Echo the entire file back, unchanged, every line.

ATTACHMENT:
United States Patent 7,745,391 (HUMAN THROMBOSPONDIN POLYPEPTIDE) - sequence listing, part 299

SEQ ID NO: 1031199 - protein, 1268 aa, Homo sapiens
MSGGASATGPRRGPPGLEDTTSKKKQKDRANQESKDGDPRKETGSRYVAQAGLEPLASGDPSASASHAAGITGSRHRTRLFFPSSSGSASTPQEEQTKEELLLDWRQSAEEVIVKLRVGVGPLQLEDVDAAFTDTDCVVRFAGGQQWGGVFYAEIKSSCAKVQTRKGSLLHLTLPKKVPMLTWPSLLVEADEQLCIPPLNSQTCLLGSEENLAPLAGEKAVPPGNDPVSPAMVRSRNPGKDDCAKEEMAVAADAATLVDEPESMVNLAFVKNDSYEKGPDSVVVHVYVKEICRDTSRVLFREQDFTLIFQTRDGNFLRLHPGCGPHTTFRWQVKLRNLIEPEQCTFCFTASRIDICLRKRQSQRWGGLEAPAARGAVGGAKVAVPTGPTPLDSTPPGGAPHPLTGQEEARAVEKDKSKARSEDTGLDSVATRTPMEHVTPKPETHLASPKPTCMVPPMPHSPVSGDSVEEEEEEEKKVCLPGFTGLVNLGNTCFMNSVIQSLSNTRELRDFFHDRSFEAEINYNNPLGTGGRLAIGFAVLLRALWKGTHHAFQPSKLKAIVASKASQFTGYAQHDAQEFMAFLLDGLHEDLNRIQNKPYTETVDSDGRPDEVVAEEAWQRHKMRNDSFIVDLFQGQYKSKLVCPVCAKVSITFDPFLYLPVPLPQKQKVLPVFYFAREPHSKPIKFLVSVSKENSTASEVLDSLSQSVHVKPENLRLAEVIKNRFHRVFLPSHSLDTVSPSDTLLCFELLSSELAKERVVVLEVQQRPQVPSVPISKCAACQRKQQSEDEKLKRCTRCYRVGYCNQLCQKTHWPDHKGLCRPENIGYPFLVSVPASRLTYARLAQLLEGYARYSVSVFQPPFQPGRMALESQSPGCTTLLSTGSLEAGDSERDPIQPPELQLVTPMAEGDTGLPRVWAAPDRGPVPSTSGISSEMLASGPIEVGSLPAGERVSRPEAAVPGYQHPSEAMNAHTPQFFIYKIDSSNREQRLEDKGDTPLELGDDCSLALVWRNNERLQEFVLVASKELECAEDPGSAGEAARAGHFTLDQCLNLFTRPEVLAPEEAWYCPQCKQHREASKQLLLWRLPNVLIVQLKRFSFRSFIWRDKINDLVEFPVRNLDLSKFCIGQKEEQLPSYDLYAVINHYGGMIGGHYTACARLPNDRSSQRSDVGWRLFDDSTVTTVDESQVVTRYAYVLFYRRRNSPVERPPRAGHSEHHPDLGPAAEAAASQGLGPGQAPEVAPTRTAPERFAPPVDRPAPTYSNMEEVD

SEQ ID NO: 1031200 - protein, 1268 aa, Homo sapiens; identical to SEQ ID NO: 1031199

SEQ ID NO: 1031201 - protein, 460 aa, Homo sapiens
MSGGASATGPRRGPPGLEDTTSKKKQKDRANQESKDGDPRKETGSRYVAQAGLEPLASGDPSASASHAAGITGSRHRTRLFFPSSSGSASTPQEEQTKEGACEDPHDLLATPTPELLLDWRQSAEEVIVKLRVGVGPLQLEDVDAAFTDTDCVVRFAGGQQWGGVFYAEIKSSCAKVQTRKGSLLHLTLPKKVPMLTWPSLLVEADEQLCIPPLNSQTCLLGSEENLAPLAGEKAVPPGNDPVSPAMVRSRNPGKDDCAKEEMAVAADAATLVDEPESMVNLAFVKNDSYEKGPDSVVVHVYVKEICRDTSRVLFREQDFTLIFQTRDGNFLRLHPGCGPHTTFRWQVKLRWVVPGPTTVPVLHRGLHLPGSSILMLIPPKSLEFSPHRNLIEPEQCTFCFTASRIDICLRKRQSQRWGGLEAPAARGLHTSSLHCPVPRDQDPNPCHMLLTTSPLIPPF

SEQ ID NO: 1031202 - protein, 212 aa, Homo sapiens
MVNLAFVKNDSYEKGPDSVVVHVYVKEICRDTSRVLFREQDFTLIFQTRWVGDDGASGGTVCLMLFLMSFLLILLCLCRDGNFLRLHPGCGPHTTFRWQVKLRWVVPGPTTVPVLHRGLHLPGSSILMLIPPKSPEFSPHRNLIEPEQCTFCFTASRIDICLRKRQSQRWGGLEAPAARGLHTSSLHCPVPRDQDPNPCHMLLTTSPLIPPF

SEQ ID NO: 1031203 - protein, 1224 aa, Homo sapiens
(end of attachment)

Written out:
United States Patent 7,745,391 (HUMAN THROMBOSPONDIN POLYPEPTIDE) - sequence listing, part 299

SEQ ID NO: 1031199 - protein, 1268 aa, Homo sapiens
MSGGASATGPRRGPPGLEDTTSKKKQKDRANQESKDGDPRKETGSRYVAQAGLEPLASGDPSASASHAAGITGSRHRTRLFFPSSSGSASTPQEEQTKEELLLDWRQSAEEVIVKLRVGVGPLQLEDVDAAFTDTDCVVRFAGGQQWGGVFYAEIKSSCAKVQTRKGSLLHLTLPKKVPMLTWPSLLVEADEQLCIPPLNSQTCLLGSEENLAPLAGEKAVPPGNDPVSPAMVRSRNPGKDDCAKEEMAVAADAATLVDEPESMVNLAFVKNDSYEKGPDSVVVHVYVKEICRDTSRVLFREQDFTLIFQTRDGNFLRLHPGCGPHTTFRWQVKLRNLIEPEQCTFCFTASRIDICLRKRQSQRWGGLEAPAARGAVGGAKVAVPTGPTPLDSTPPGGAPHPLTGQEEARAVEKDKSKARSEDTGLDSVATRTPMEHVTPKPETHLASPKPTCMVPPMPHSPVSGDSVEEEEEEEKKVCLPGFTGLVNLGNTCFMNSVIQSLSNTRELRDFFHDRSFEAEINYNNPLGTGGRLAIGFAVLLRALWKGTHHAFQPSKLKAIVASKASQFTGYAQHDAQEFMAFLLDGLHEDLNRIQNKPYTETVDSDGRPDEVVAEEAWQRHKMRNDSFIVDLFQGQYKSKLVCPVCAKVSITFDPFLYLPVPLPQKQKVLPVFYFAREPHSKPIKFLVSVSKENSTASEVLDSLSQSVHVKPENLRLAEVIKNRFHRVFLPSHSLDTVSPSDTLLCFELLSSELAKERVVVLEVQQRPQVPSVPISKCAACQRKQQSEDEKLKRCTRCYRVGYCNQLCQKTHWPDHKGLCRPENIGYPFLVSVPASRLTYARLAQLLEGYARYSVSVFQPPFQPGRMALESQSPGCTTLLSTGSLEAGDSERDPIQPPELQLVTPMAEGDTGLPRVWAAPDRGPVPSTSGISSEMLASGPIEVGSLPAGERVSRPEAAVPGYQHPSEAMNAHTPQFFIYKIDSSNREQRLEDKGDTPLELGDDCSLALVWRNNERLQEFVLVASKELECAEDPGSAGEAARAGHFTLDQCLNLFTRPEVLAPEEAWYCPQCKQHREASKQLLLWRLPNVLIVQLKRFSFRSFIWRDKINDLVEFPVRNLDLSKFCIGQKEEQLPSYDLYAVINHYGGMIGGHYTACARLPNDRSSQRSDVGWRLFDDSTVTTVDESQVVTRYAYVLFYRRRNSPVERPPRAGHSEHHPDLGPAAEAAASQGLGPGQAPEVAPTRTAPERFAPPVDRPAPTYSNMEEVD

SEQ ID NO: 1031200 - protein, 1268 aa, Homo sapiens; identical to SEQ ID NO: 1031199

SEQ ID NO: 1031201 - protein, 460 aa, Homo sapiens
MSGGASATGPRRGPPGLEDTTSKKKQKDRANQESKDGDPRKETGSRYVAQAGLEPLASGDPSASASHAAGITGSRHRTRLFFPSSSGSASTPQEEQTKEGACEDPHDLLATPTPELLLDWRQSAEEVIVKLRVGVGPLQLEDVDAAFTDTDCVVRFAGGQQWGGVFYAEIKSSCAKVQTRKGSLLHLTLPKKVPMLTWPSLLVEADEQLCIPPLNSQTCLLGSEENLAPLAGEKAVPPGNDPVSPAMVRSRNPGKDDCAKEEMAVAADAATLVDEPESMVNLAFVKNDSYEKGPDSVVVHVYVKEICRDTSRVLFREQDFTLIFQTRDGNFLRLHPGCGPHTTFRWQVKLRWVVPGPTTVPVLHRGLHLPGSSILMLIPPKSLEFSPHRNLIEPEQCTFCFTASRIDICLRKRQSQRWGGLEAPAARGLHTSSLHCPVPRDQDPNPCHMLLTTSPLIPPF

SEQ ID NO: 1031202 - protein, 212 aa, Homo sapiens
MVNLAFVKNDSYEKGPDSVVVHVYVKEICRDTSRVLFREQDFTLIFQTRWVGDDGASGGTVCLMLFLMSFLLILLCLCRDGNFLRLHPGCGPHTTFRWQVKLRWVVPGPTTVPVLHRGLHLPGSSILMLIPPKSPEFSPHRNLIEPEQCTFCFTASRIDICLRKRQSQRWGGLEAPAARGLHTSSLHCPVPRDQDPNPCHMLLTTSPLIPPF

SEQ ID NO: 1031203 - protein, 1224 aa, Homo sapiens